March 25th of each year is nine months out from Christmas day. That being the case it makes the ideal location for the Feast of the Annunciation. This is old news for liturgical nerds like me but it bears repeating as it is a taste of Advent in Lent. Any one of the following traditions could be going on as we speak in yours or any congregation: crosses covered, vestments and paraments are in shades of purple, Lenten suppers, Lenten fasts, extreme Lenten fasts, desert reading, and penitential rites. This season is often started with ashes on our foreheads, our mark of penance and humility. For our Catholic brothers and sisters, St. Patrick’s Day is a day of brief release and a chance of having Lenten frivolity. For our Greek brothers and sisters, the Feast of the Annunciation offers an even bigger opportunity for frivolity as March 25th is their Independence Day. This is a day to feast and to celebrate freedom. Having this one really good Greek friend, the stories he has told me about how Greeks celebrate independence lead me to believe that Greek Americans could teach all Americans how to better celebrate July 4th.
But what could the Annunciation be for us all in the midst of Lent? It could be a jarring splash of pink in the midst of the season of purple. The liturgical nerd in me says “Yes.” To see an Episcopal priest decked out in a stole and chasuble of “desert rose” that one time the 25th falls on a Sunday is a desire of mine. But this day is about more than color options. This is the day spoken of in our creed for our one Lord, Jesus Christ, the only Son of God…for us and for our salvation came down from heaven: by the power of the Holy Spirit became incarnate from the Virgin Mary, and was made human. In the midst of the forty day road to that foolish ending on the cross you have a reminder of the beginning. This is a moment of possibility and love. Love has invaded our penitential space. Our wilderness experience has been exposed to the hope of a beautiful spring. God has decided to live among us in the warm and safe home we all had at our beginning.
Nine months will go by where that beauty will be crucified, buried, and risen anew, it will gain followers, and grow, spread, change, evolve; generations will be fostered, and moments will be shared to renew that vision of beauty. And again we will find ourselves back at that manger on December 25th, a new birth born of all the change that preceded it over the past nine months.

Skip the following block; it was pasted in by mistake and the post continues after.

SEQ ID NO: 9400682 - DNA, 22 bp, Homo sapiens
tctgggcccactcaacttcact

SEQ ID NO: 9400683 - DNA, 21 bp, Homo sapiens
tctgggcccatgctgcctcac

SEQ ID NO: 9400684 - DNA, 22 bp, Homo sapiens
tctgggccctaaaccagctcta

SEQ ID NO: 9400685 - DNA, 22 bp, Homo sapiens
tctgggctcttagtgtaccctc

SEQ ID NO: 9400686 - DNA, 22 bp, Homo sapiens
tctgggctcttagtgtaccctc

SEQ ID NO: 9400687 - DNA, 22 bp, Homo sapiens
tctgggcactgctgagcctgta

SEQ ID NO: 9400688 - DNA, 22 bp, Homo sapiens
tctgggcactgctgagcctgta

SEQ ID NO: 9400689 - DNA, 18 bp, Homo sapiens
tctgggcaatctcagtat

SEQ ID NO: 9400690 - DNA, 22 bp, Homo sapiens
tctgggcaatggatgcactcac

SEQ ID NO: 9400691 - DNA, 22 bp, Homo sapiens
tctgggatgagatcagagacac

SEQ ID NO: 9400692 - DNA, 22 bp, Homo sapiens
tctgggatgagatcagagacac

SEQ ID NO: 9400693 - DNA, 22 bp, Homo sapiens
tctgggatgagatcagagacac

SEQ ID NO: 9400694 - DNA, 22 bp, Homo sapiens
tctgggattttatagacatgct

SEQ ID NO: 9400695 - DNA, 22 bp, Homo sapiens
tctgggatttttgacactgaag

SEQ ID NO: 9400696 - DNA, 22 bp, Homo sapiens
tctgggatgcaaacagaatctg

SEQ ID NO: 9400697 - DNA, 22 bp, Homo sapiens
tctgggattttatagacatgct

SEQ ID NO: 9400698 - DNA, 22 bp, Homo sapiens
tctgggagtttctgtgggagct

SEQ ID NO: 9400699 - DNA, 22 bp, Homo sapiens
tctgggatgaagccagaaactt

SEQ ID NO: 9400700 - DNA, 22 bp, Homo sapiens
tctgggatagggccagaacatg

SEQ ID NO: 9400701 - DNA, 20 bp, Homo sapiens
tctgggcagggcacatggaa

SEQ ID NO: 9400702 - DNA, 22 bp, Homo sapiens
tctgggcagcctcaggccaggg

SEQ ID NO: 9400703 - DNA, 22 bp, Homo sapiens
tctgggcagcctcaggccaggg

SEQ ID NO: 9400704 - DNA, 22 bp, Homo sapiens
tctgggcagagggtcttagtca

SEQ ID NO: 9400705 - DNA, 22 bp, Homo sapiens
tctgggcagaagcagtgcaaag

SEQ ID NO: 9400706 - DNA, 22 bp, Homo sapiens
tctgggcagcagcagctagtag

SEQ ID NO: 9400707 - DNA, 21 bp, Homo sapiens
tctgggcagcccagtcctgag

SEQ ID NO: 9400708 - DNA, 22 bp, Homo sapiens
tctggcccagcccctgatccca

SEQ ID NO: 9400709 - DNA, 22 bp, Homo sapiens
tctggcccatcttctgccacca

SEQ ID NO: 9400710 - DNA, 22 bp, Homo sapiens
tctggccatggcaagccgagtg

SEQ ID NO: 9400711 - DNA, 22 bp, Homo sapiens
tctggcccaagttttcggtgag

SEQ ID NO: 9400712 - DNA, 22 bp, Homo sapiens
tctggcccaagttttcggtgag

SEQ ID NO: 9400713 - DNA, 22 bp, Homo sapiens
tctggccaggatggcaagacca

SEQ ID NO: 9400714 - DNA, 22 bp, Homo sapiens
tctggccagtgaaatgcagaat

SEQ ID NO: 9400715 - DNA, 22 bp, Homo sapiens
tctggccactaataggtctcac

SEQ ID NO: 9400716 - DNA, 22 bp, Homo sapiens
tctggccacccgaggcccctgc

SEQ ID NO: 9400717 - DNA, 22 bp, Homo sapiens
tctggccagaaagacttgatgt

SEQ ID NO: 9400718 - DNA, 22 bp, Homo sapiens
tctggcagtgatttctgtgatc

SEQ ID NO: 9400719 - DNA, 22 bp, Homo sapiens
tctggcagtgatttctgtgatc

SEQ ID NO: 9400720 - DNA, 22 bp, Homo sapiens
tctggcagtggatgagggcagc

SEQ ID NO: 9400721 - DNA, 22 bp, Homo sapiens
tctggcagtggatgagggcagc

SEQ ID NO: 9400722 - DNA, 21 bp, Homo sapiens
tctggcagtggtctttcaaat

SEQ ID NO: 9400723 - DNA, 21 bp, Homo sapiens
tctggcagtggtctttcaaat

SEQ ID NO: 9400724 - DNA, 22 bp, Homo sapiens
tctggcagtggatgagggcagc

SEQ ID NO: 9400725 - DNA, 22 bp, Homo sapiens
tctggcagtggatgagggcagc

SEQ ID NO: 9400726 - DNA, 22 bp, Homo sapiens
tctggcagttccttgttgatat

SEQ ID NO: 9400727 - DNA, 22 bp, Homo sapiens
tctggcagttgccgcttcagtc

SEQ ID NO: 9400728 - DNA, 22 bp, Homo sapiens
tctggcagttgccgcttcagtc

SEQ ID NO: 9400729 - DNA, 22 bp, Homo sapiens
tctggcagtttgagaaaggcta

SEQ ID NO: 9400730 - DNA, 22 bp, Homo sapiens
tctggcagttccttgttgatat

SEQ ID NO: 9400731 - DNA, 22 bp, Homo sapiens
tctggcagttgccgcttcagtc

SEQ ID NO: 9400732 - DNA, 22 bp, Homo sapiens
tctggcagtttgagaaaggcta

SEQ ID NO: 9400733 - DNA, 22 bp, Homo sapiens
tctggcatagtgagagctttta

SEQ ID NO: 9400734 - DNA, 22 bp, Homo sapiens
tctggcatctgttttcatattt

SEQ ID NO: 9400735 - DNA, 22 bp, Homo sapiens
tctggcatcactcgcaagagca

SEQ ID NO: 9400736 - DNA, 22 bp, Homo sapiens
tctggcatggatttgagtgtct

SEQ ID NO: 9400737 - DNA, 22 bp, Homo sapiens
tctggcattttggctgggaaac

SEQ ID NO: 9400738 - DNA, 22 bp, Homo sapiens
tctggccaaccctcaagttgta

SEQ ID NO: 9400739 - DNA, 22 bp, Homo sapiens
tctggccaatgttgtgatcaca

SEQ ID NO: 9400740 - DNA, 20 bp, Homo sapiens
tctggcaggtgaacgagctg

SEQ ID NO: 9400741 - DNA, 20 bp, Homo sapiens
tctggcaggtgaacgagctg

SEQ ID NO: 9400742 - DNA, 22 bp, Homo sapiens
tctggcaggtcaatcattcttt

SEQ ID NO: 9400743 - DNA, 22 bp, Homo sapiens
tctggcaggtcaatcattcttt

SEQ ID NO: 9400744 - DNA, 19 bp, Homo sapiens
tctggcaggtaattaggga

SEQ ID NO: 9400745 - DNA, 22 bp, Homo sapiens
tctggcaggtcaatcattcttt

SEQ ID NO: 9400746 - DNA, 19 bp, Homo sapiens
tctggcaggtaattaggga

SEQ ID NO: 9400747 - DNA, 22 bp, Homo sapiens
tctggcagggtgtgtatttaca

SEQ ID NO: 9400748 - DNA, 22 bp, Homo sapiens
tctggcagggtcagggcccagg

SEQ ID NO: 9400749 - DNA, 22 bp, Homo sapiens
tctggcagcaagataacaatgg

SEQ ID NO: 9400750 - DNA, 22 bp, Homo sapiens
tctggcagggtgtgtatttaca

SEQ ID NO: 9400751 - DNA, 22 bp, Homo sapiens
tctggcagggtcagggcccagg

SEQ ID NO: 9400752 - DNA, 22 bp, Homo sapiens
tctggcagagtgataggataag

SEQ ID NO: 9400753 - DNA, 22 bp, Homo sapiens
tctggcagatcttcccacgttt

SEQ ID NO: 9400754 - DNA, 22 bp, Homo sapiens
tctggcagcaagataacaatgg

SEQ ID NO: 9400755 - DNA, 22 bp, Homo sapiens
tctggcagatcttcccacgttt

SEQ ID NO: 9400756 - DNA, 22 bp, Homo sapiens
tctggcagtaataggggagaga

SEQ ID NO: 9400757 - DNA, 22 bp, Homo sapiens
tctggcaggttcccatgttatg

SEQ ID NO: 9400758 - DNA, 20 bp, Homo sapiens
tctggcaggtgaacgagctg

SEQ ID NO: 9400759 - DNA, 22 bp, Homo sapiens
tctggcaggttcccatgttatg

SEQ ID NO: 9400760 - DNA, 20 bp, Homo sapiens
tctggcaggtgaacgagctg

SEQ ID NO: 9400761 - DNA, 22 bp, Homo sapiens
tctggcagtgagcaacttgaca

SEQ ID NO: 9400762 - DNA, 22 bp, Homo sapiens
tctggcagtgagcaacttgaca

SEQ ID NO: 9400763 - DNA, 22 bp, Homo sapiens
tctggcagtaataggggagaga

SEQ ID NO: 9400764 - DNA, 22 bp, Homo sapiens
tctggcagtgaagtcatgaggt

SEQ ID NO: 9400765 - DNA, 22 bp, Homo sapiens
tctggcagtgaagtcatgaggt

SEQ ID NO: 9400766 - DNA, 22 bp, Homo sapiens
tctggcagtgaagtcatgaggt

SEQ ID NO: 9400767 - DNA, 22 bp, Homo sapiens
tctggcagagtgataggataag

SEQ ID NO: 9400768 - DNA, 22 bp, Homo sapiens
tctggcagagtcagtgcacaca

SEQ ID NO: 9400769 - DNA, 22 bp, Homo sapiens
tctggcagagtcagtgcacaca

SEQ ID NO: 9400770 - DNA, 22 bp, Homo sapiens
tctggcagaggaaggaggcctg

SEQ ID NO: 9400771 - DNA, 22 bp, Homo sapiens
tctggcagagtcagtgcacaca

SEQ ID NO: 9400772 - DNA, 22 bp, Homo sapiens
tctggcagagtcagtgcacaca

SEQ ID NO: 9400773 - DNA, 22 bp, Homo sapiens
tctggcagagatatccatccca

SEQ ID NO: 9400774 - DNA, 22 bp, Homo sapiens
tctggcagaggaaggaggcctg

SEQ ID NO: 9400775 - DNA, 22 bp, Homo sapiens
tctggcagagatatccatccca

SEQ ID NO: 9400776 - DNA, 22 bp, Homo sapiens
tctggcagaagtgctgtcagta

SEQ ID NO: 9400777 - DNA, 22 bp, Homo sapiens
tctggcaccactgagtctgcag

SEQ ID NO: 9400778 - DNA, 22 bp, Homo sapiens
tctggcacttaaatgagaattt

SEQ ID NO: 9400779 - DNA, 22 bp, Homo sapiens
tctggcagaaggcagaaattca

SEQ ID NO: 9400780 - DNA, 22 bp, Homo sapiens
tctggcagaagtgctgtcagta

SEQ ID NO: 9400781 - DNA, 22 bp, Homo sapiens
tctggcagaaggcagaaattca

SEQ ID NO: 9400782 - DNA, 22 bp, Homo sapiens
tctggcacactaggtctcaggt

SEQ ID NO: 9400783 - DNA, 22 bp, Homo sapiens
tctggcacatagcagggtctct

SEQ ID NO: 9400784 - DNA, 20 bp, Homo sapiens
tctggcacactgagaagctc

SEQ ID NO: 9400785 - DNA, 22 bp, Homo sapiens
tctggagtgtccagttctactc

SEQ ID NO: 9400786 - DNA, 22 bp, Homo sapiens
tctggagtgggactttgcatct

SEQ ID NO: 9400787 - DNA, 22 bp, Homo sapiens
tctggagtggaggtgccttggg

I have just completed Episcopal Province V’s Art of Hosting training. I heard stories these past few days of concerned vestries, diocesan staffs, and families of lay and ordained leadership. These concerns were born out a Church that is in a penitential winter. Together, both the people present and those represented were calling out for a new spring of the Episcopal Church. President Ferlo of Seabury-Bexley Seminary talked about the Ecumenical Winter the Church Universal now finds itself in. I think spring is coming and it is moments of like these past few days that give me this belief. Spring is coming for a birth announced. Proctor Camp and Conference Center has been a wilderness every time I have seen it. The trees are only just now budding. The grass is still yellow and brown in most places but there is some green. I wait with anticipation to see Proctor transformed in spring.
But I have witnessed births to be tricky and scary things. I myself was born prematurely and there was indeed fear and concern. I was small and life was a labor. Through the care of nurses, my parents fear-strained love, and God’s embracing love and power (and a warm incubator), I was given to my parents three days after my birth. Through love and prayer I was midwifed into existence.
All the participants of the Art of Hosting have been taught to midwife this coming birth of a Church renewed through intentional conversation, prayer, love, and a little bit of mischief. Like patient gardeners we prepare for spring. Mary and Joseph weren’t alone in for their nine month journey. Scripture and tradition tell us that they had angels, Elizabeth, Zachariah, sisters, and aunts that would act as midwives when the time came. We know from scripture that the Israelite midwives were some of the shrewdest and capable midwives available (see Exodus, chapter one).
For this March 25th, the Feast of the Annunciation, I have great confidence that the church has shrewd, trained, capable midwives to help us give birth to the spring that is coming. I give thanks to God in Christ who is the head of the Church for these people and these moments of intentional and hopeful preparation. Spring has been announced. It is coming. Of this I am sure.